To the anonymous who nominated the Minolta XK Motor, I agree. I have vivid memories of students helplessly appealing to me with their Minolta 7000s because they just couldn't get the hang of how to operate them comfortably. I had to learn to use one just to be able to teach them, and it taught me a dislike for that particular design, and that trend in design, that lasted for years.

I also agree with what Steve says of the R8. It doesn't feel ergonomic to me at all. Of course, that's not really a fair criticism, coming from me at least, because I never really learned how to handle one. Think of how many people first handle an M Leica and think it's awkward and uncomfortable. That first impressions can be mistaken in this regard is something I have to concede.

Thanks for all the great comments!



7:33 AM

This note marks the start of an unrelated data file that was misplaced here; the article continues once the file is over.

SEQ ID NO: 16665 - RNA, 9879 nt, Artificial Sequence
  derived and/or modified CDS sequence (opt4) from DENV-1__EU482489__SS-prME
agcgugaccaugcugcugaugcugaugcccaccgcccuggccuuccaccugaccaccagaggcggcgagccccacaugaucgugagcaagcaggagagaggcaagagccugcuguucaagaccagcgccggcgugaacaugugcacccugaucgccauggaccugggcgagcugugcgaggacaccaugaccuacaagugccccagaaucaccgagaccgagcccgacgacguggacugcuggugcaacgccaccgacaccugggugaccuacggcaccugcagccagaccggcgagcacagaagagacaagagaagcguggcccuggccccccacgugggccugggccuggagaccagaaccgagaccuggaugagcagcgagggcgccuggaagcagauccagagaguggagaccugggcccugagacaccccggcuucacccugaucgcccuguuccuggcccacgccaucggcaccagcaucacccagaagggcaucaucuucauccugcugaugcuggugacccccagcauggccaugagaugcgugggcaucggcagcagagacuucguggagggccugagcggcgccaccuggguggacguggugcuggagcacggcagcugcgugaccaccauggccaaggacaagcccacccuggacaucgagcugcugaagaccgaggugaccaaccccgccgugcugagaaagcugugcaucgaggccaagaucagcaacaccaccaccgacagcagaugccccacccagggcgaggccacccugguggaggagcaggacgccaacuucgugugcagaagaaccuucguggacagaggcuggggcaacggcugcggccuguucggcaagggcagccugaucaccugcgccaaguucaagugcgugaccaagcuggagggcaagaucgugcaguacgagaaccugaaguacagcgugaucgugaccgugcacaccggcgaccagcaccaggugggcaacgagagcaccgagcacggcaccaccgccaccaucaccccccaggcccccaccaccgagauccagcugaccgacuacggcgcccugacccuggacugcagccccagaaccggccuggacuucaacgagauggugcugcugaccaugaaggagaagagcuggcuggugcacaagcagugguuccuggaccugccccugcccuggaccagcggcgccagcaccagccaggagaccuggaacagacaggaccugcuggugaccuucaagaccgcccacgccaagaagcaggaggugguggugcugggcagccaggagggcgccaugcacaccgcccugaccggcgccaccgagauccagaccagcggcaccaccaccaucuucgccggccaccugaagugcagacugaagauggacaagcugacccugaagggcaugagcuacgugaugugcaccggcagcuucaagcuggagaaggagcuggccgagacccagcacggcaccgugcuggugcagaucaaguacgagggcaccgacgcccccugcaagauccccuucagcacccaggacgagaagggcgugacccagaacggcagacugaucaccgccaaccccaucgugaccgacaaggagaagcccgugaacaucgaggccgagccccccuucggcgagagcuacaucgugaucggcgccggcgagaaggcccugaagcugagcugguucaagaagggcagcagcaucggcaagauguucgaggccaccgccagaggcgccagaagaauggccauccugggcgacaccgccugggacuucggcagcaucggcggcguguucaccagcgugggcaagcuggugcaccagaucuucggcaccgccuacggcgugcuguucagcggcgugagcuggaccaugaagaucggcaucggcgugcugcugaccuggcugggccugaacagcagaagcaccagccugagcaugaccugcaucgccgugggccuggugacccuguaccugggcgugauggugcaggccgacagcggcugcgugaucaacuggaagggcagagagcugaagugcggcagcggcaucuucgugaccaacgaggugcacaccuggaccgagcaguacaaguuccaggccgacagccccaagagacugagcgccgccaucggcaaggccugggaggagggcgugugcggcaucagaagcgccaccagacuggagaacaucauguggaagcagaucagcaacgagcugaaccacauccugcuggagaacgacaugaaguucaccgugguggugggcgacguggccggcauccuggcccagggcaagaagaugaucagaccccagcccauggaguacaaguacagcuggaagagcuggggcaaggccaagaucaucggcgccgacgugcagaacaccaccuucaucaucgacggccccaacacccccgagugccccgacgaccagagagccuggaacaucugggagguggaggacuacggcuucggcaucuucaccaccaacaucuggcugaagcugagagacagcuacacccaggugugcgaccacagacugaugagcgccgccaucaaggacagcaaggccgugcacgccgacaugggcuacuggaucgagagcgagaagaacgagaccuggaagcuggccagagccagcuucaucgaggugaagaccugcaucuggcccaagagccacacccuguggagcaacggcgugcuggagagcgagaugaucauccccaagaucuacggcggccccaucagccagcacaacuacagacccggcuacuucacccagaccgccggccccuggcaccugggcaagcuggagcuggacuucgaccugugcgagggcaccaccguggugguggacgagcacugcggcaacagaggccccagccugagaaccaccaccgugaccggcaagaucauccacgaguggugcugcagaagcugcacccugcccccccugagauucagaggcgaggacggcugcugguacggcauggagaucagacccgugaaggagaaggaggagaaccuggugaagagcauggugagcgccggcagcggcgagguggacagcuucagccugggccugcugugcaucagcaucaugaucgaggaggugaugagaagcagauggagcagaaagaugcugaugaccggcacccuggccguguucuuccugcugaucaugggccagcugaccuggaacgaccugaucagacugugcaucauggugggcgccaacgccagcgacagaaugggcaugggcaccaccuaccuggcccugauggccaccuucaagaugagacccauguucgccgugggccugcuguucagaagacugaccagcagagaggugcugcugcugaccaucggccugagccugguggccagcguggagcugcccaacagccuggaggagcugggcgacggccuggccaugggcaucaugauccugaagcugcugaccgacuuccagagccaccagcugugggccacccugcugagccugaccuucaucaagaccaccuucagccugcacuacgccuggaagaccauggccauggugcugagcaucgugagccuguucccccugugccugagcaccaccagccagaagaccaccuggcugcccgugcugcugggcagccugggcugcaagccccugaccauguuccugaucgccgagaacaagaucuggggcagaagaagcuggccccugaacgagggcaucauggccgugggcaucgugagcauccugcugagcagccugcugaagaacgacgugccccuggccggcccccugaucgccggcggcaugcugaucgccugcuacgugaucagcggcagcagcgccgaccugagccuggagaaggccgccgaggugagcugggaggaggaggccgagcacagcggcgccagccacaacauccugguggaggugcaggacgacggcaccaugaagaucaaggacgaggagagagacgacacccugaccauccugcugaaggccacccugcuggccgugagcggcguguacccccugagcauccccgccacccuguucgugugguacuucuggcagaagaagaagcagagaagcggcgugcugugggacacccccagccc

Anonymous Anonymous said...

As a photo retailer in that time frame, the introduction of the 7000 was a bellweather of sorts. The 7000 along with its siblings the 5000 and 9000 were the start of the 'golden era' in photo retailing. (Also Canons, Nikons, Pentax. etc.) These cameras and others brought an easier way to photograph to the masses. This huge influx of new photographers kept many photo stores in business over the next decade. Many of them also installed the new 'instant' photolabs of the time. All in all a great timeframe for photo retailers. All kicked off by one ugly camera body.

8:27 AM  
Anonymous Anonymous said...

I think the digital era has spawned a few bizzarre contraptions such as the awkward Kodak DC40 and of course any Olympus that has a name which uses a letter e and a number 3 (ie, E-300, E-330). Strangely the E-1 and the E-500 are among the more handsome DSLR designs.

7:46 PM  
Anonymous Anonymous said...

Well...does it matter if its ugly?

Ive always found the R8 to be a surprisingly comfortable camera to use. Its not nearly as heavy as it looks (a canon 1D is way heavier) and ergonomically its quite comfortable....

Does it matter if its not going to win a Miss America contest? Cameras are tools, afterall, and I care most for the user experience and reliability, and then for the pure, I dont think its ugly. Its no worse than a F4 or a F5 were.

10:34 AM